Judge Michael L. Brown of the U.S. District Court for the Northern District of Georgia sanctioned a manufacturing defect claim in the Zimmer NexGen Knee case to proceed. The federal judge denied Zimmer Biomet Holdings Inc.'s request for summary judgment and stated that plaintiff Patrick O’Shea presented enough evidence against the device maker. However, on September 27, a summary judgment was granted to Zimmer on the plaintiff’s failure-to-warn claim since it was barred by the learned intermediary doctrine. The plaintiff was implanted Zimmer's knee replacement device in 2007 to treat his chronic left knee pain and experienced severe complications seven years later due to device breakage and flaws in the design.
In another motion passed on August 29, an Illinois federal judge Judge Nancy J. Rosenstengel allowed Doris Hughes, the plaintiff involved in the Stryker's hip replacement lawsuit over alleged injuries caused due to the Rejuvenate device, to proceed with her product liability claim against the defendants. In the complaint filed on September 5, 2018, Hughes stated Jose Raymon, Ryan Hunley, Jeffrey Whiting, Touchette Regional Hospital and Barnes-Jewish Hospital as defendants.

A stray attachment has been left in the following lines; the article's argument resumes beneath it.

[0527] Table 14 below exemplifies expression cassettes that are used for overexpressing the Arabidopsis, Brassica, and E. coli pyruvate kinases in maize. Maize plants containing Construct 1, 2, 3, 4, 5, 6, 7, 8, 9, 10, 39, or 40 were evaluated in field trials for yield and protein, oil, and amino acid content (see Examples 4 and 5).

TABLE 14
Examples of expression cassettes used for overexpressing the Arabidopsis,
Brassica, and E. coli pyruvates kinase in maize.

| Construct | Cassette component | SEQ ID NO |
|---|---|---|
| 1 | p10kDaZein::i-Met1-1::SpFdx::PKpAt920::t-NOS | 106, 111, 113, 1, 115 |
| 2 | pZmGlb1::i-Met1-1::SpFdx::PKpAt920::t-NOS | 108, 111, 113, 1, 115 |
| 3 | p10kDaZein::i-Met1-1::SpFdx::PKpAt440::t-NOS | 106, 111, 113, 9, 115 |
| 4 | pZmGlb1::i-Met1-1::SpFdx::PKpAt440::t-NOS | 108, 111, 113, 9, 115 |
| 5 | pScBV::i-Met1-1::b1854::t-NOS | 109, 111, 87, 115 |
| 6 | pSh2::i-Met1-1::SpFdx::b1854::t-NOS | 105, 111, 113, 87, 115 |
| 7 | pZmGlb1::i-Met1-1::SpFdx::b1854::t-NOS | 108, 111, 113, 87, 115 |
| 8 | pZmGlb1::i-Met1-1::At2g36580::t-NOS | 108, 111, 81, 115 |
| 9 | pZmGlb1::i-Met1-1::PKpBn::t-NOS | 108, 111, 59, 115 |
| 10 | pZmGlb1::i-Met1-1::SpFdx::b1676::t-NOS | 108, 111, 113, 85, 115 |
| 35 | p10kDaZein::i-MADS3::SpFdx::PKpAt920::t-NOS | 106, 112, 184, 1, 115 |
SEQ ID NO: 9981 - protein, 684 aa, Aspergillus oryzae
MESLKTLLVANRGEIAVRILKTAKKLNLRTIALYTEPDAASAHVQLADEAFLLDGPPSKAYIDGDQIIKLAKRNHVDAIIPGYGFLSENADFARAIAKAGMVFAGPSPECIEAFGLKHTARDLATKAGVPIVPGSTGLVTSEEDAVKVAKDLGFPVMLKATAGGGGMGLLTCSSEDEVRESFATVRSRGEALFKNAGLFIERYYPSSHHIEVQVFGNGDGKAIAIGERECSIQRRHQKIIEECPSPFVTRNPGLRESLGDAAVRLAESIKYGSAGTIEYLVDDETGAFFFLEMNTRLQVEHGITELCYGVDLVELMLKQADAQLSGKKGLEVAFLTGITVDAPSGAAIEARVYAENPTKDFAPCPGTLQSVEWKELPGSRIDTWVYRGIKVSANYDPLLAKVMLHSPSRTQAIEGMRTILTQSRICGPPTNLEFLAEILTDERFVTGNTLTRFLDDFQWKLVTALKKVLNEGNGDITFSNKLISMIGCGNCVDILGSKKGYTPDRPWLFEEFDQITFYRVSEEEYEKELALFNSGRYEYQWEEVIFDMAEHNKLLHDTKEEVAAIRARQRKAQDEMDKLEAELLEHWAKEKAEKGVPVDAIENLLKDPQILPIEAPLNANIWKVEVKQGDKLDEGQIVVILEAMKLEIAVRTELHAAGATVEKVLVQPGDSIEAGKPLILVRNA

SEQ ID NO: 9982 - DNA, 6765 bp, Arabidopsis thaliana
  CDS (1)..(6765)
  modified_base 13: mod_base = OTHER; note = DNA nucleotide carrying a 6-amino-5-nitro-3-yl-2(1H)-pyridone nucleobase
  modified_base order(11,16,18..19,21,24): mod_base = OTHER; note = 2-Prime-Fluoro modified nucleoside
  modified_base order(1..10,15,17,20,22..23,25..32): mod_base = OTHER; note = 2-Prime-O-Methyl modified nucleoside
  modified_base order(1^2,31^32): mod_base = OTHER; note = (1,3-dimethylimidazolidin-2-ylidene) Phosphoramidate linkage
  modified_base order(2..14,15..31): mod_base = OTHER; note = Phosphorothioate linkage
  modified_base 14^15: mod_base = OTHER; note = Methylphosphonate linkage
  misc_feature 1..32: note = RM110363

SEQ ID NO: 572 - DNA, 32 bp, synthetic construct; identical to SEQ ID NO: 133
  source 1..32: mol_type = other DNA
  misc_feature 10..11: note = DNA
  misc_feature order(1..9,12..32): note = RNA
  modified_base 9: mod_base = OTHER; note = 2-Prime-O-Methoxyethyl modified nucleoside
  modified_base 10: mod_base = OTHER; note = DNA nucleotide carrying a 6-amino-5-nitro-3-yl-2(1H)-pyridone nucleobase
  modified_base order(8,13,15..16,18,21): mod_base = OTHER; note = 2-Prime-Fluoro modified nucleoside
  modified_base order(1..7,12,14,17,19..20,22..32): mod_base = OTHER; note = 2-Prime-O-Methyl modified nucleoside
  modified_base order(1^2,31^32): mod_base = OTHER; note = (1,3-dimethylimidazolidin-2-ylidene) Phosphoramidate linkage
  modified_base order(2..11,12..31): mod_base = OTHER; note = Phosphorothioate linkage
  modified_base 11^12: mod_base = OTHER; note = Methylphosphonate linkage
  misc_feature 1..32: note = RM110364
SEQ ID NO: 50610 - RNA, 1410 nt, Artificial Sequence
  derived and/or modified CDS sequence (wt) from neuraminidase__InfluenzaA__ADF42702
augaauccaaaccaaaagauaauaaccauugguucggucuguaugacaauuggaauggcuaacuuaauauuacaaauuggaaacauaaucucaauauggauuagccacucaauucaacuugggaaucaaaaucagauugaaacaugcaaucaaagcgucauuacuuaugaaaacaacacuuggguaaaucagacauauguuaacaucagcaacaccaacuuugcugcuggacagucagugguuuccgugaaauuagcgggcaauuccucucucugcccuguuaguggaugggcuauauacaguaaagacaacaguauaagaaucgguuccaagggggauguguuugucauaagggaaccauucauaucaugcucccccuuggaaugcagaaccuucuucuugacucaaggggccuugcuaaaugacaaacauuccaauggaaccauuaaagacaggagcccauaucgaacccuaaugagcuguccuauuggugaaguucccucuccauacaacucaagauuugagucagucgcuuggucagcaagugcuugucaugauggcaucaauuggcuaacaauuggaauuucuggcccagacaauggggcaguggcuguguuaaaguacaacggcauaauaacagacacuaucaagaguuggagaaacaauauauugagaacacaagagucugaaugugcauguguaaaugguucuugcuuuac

Hip and Knee implant manufacturers face thousands of allegations over design failures and inadequate warning linked to their device use.